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Interactions between the RepB initiator protein of plasmid pMV158 and two distant DNA regions within the origin of replication.

Ruiz-Masó JA, Lurz R, Espinosa M, del Solar G - Nucleic Acids Res. (2007)

Bottom Line: Binding of RepB to the bind locus was of higher affinity and stability than to the nic locus.On supercoiled DNA, simultaneous interaction of RepB with both loci favoured extrusion of the hairpin structure harbouring the nick site while causing a strong DNA distortion around the bind locus.This suggests interplay between the two RepB binding sites, which could facilitate loading of the initiator protein to the nic locus and the acquisition of the appropriate configuration of the supercoiled DNA substrate.

View Article: PubMed Central - PubMed

Affiliation: Centro de Investigaciones Biológicas, CSIC. Ramiro de Maeztu, 9. E-28040-Madrid, Spain.

ABSTRACT
Plasmids replicating by the rolling circle mode usually possess a single site for binding of the initiator protein at the origin of replication. The origin of pMV158 is different in that it possesses two distant binding regions for the initiator RepB. One region was located close to the site where RepB introduces the replication-initiating nick, within the nic locus; the other, the bind locus, is 84 bp downstream from the nick site. Binding of RepB to the bind locus was of higher affinity and stability than to the nic locus. Contacts of RepB with the bind and nic loci were determined through high-resolution footprinting. Upon binding of RepB, the DNA of the bind locus follows a winding path in its contact with the protein, resulting in local distortion and bending of the double-helix. On supercoiled DNA, simultaneous interaction of RepB with both loci favoured extrusion of the hairpin structure harbouring the nick site while causing a strong DNA distortion around the bind locus. This suggests interplay between the two RepB binding sites, which could facilitate loading of the initiator protein to the nic locus and the acquisition of the appropriate configuration of the supercoiled DNA substrate.

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RepB-induced DNA bending characterized by circular permutation assays. Both 241-bp nic- (A) and 243-bp bind- (B) permuted fragments were generated by restriction with the enzymes indicated in the scheme. Below, the distance (d, in bp) from the centre of the cloned pMV158 DNA (coordinate in brackets) to the right end of each fragment is displayed. The electrophoretic mobility of free (closed circles) or bound (open circles) DNA fragments, normalized to the mobility of the slowest same-sized DNA or complex, was plotted versus d. The apparent angles of both the intrinsic curvature and the RepB-induced bending on the nic and bind loci are shown in Table 1.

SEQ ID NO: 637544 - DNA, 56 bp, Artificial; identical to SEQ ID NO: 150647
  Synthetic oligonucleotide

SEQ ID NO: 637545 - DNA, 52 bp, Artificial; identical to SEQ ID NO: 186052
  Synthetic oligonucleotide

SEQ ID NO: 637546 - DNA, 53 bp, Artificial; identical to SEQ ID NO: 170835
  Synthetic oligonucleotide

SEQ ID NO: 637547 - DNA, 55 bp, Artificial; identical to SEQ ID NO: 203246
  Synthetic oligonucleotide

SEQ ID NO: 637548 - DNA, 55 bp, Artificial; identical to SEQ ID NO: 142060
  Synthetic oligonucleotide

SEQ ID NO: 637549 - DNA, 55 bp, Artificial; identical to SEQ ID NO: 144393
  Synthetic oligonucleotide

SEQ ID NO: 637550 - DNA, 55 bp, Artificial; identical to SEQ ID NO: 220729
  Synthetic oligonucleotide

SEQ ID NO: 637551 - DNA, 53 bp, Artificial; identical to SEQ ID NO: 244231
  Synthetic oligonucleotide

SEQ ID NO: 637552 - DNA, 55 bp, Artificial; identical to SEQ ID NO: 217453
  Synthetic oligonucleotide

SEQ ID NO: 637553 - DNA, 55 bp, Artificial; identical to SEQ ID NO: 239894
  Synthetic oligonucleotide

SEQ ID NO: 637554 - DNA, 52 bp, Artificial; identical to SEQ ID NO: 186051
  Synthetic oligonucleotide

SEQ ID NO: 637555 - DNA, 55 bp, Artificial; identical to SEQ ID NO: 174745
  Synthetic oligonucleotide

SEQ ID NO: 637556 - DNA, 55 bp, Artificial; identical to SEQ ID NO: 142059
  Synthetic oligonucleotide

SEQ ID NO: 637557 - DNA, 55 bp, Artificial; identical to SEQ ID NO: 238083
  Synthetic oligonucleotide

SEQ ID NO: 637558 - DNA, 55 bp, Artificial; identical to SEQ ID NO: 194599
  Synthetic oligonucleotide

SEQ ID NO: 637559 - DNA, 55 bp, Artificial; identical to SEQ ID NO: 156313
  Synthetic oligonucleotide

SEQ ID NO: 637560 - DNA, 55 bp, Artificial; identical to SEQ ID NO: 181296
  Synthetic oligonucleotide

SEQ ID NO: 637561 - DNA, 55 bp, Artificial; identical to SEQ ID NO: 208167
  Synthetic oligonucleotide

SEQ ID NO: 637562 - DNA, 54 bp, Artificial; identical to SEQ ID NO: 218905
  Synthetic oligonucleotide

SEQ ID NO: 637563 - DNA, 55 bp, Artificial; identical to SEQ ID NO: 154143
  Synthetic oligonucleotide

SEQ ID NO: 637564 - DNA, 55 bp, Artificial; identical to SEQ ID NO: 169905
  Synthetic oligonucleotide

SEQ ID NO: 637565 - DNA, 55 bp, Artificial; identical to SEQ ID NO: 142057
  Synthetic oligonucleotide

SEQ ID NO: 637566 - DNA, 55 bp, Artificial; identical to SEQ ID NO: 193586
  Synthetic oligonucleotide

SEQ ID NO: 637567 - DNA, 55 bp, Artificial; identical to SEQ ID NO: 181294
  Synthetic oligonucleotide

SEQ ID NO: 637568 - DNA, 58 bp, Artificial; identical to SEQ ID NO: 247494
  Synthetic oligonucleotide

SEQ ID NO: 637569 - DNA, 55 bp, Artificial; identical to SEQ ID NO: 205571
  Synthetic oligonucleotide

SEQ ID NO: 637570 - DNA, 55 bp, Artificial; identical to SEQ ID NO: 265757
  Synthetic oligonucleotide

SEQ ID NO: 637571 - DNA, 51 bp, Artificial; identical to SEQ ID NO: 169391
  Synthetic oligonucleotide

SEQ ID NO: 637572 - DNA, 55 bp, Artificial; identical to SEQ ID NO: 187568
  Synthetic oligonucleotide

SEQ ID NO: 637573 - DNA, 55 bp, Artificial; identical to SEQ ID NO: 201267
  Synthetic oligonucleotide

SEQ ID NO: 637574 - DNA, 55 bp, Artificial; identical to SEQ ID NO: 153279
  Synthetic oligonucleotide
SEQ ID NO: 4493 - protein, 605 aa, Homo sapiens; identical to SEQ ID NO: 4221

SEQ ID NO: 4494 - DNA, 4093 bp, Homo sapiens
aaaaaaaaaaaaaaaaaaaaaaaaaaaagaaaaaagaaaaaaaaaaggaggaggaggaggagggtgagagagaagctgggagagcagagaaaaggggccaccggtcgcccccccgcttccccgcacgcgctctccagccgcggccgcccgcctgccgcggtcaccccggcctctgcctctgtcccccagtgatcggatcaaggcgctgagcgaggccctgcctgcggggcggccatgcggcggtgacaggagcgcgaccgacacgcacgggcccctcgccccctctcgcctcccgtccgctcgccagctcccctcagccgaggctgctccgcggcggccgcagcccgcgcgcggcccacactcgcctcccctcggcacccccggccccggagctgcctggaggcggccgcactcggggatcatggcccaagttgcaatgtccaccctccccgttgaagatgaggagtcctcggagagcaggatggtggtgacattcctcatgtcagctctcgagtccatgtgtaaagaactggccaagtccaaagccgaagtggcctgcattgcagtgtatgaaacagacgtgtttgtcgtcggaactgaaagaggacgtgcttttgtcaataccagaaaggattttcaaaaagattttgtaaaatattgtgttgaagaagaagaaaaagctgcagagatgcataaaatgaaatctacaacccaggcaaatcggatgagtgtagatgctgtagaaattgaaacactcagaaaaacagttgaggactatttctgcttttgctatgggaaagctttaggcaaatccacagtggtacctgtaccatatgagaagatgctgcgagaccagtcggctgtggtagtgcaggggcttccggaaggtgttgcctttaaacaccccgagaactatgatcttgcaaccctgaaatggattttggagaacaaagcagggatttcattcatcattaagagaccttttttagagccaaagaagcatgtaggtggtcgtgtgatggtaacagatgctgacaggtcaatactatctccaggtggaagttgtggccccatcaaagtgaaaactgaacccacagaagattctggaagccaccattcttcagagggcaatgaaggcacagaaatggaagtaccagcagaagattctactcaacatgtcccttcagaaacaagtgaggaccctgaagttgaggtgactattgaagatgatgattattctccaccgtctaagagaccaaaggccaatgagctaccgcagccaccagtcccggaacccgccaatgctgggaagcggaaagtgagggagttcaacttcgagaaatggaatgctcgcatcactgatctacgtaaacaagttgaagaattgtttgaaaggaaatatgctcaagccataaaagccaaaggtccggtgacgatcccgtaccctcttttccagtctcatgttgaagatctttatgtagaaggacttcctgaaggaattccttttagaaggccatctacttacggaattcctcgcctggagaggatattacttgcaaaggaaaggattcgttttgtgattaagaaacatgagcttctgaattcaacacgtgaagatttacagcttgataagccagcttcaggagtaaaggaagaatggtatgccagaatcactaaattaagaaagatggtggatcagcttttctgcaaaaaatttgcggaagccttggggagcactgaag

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Figure 5: RepB-induced DNA bending characterized by circular permutation assays. Both 241-bp nic- (A) and 243-bp bind- (B) permuted fragments were generated by restriction with the enzymes indicated in the scheme. Below, the distance (d, in bp) from the centre of the cloned pMV158 DNA (coordinate in brackets) to the right end of each fragment is displayed. The electrophoretic mobility of free (closed circles) or bound (open circles) DNA fragments, normalized to the mobility of the slowest same-sized DNA or complex, was plotted versus d. The apparent angles of both the intrinsic curvature and the RepB-induced bending on the nic and bind loci are shown in Table 1.

Mentions: To explore the possible RepB-induced bending, we cloned separately the nic and bind loci of the pMV158-dso into the test vector pBEND2 to conduct circular permutation assays (24). This technique uses DNA bending constructs which can be cleaved at different restriction sites, generating DNA fragments of uniform length but with the suspected bend site placed at different positions with respect to the ends of the fragments (33). If a protein induces a bend, it will affect the relative electrophoretic mobility of the fragments in a predictable manner that allows calculation of the bend angles (34). The DNA fragments obtained by restriction with different enzymes were incubated with RepB to perform EMSA under conditions in which 50% of the DNA was bound in the corresponding C1 complex, so that in the same assay we could calculate the electrophoretic mobility of the free and bound DNAs. To calculate the relative mobilities, the ratio of the mobility of the bound to the unbound DNA with the binding site in the middle of the fragment (µMB/µM) was divided by the same ratio for the DNA with the binding site at the end of the fragment (µEB/µE). This method cancels out the contribution of the intrinsic curvature of the DNA, although it only gives accurate estimations when the induced bend is large compared with the intrinsic curvature (26). In addition, the bends induced by RepB on the nic and bind loci, although probably located at the same place as the intrinsic curvatures of the corresponding fragments (plots in Figure 5), might not coincide with them in the directionality. This could complicate the deconvolution of the effects of the intrinsic and induced bends. For these reasons, we also estimated the intrinsic curvature of the unbound DNAs (from µM/µE), as well as the total bending angle of the RepB-complexed DNAs (from µMB/µEB). The results (Table 1) demonstrated that the DNA of the bind locus exhibited an intrinsic bend of about 50°, whereas the nic locus was essentially straight. RepB induced a bend of 120° (105° when the intrinsic curvature of the DNA was deducted) on the DDR-containing DNA, whereas an apparent bending angle of around 60° was measured as induced by the protein on the fragment harbouring the nic region. Since the method used underestimates bending angles sharper than 100° (26), we conclude that RepB induces a very strong bend (>100°) on the bind locus, while binding of the protein to the nic locus results in a moderate bending of the DNA.Figure 5.